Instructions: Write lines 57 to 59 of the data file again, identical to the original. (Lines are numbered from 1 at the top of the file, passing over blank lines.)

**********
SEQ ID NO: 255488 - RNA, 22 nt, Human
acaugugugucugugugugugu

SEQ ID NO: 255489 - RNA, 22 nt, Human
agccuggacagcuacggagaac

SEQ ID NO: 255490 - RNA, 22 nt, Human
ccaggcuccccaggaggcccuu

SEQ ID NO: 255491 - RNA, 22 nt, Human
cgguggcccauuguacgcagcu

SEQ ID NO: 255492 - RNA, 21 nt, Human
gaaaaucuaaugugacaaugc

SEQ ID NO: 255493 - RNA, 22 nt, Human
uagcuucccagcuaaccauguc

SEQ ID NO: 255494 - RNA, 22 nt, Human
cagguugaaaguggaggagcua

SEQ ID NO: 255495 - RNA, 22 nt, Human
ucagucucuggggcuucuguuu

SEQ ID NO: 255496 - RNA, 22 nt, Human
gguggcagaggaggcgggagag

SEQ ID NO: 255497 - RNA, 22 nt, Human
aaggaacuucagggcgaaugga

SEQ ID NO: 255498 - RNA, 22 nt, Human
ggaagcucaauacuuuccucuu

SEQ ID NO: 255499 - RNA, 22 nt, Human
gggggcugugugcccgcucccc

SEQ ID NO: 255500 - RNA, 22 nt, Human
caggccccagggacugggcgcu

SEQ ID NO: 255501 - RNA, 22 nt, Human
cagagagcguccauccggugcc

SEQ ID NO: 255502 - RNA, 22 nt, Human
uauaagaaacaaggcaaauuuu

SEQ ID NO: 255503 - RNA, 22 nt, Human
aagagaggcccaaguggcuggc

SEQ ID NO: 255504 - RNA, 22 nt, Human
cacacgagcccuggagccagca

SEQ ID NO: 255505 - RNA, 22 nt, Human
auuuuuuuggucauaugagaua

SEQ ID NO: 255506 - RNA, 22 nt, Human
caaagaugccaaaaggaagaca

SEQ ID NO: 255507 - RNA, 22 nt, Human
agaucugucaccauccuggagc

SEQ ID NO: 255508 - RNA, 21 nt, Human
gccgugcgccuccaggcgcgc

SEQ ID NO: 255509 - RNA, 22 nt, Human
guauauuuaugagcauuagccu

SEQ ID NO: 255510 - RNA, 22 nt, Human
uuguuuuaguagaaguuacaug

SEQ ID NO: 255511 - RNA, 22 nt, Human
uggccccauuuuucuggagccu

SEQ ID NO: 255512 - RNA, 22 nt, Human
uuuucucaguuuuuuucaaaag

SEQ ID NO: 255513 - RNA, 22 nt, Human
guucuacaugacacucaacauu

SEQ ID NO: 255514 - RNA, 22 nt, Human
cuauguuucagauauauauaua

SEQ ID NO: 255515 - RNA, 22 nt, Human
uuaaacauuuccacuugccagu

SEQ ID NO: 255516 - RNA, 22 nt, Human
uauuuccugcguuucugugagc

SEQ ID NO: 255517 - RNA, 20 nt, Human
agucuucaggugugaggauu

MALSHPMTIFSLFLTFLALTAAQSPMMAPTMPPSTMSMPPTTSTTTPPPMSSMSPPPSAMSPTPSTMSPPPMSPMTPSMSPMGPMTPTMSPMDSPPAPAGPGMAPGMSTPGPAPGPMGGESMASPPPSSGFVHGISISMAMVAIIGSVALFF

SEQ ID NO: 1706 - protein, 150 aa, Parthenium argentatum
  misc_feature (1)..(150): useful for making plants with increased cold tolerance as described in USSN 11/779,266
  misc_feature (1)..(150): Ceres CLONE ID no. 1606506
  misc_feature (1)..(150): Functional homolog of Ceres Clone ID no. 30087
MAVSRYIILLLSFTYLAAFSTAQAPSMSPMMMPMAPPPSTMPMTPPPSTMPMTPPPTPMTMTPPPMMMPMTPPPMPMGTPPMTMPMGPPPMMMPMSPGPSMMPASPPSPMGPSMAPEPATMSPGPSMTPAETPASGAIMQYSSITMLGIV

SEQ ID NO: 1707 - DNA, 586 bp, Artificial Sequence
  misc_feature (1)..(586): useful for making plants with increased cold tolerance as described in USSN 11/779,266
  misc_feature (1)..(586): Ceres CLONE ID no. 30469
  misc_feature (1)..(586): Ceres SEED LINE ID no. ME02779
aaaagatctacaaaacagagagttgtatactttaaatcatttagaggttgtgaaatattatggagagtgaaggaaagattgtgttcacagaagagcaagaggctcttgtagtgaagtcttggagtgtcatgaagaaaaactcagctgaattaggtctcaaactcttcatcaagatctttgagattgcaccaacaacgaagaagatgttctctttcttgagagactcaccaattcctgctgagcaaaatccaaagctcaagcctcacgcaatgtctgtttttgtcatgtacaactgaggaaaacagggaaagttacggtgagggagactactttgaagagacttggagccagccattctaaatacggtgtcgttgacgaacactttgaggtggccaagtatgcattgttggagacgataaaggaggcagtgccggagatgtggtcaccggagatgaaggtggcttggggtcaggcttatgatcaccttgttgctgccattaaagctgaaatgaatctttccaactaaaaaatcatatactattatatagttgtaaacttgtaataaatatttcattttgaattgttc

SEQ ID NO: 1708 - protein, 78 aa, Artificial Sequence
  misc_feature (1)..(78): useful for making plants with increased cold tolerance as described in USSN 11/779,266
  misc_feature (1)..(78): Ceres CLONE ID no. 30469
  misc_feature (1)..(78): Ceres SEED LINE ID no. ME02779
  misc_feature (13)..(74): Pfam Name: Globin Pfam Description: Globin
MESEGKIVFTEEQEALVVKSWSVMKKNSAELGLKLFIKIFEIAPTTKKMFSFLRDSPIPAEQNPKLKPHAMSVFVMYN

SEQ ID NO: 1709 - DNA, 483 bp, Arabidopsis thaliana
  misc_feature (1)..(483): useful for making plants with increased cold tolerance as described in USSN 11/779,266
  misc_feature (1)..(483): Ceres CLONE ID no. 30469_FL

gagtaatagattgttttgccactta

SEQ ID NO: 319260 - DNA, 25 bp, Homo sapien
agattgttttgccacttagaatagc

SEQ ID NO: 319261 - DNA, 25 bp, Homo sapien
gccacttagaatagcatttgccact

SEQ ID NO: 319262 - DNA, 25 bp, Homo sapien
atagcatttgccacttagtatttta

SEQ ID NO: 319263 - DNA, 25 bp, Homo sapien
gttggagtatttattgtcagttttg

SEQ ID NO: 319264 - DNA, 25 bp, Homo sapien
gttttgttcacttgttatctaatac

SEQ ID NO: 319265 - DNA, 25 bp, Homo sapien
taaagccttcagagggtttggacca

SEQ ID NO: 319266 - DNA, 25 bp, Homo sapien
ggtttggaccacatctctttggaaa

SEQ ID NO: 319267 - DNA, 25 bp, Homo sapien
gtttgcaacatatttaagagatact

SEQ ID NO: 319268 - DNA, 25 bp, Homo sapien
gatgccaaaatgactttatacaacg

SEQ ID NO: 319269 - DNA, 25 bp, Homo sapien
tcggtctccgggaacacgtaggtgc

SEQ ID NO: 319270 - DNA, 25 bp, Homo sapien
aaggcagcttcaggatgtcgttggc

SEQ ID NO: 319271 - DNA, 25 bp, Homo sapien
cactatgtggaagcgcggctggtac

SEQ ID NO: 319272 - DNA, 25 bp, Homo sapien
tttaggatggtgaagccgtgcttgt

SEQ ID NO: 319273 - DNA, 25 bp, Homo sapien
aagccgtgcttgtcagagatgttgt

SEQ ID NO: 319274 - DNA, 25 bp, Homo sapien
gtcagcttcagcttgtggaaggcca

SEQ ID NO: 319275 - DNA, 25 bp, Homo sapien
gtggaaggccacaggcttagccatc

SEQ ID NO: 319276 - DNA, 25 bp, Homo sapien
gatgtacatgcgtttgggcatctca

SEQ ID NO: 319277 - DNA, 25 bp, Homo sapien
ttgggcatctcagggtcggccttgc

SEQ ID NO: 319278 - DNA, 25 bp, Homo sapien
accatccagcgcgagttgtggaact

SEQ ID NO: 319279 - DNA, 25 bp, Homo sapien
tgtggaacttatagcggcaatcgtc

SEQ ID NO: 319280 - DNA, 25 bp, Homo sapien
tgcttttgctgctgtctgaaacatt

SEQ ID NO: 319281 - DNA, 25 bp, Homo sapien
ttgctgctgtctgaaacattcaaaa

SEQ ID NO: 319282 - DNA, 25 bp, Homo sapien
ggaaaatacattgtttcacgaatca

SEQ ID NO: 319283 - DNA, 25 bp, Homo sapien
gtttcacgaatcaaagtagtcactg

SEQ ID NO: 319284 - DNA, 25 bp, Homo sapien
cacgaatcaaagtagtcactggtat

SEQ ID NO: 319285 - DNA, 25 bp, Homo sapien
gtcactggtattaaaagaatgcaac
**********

SEQ ID NO: 255516 - RNA, 22 nt, Human
uauuuccugcguuucugugagc

SEQ ID NO: 255517 - RNA, 20 nt, Human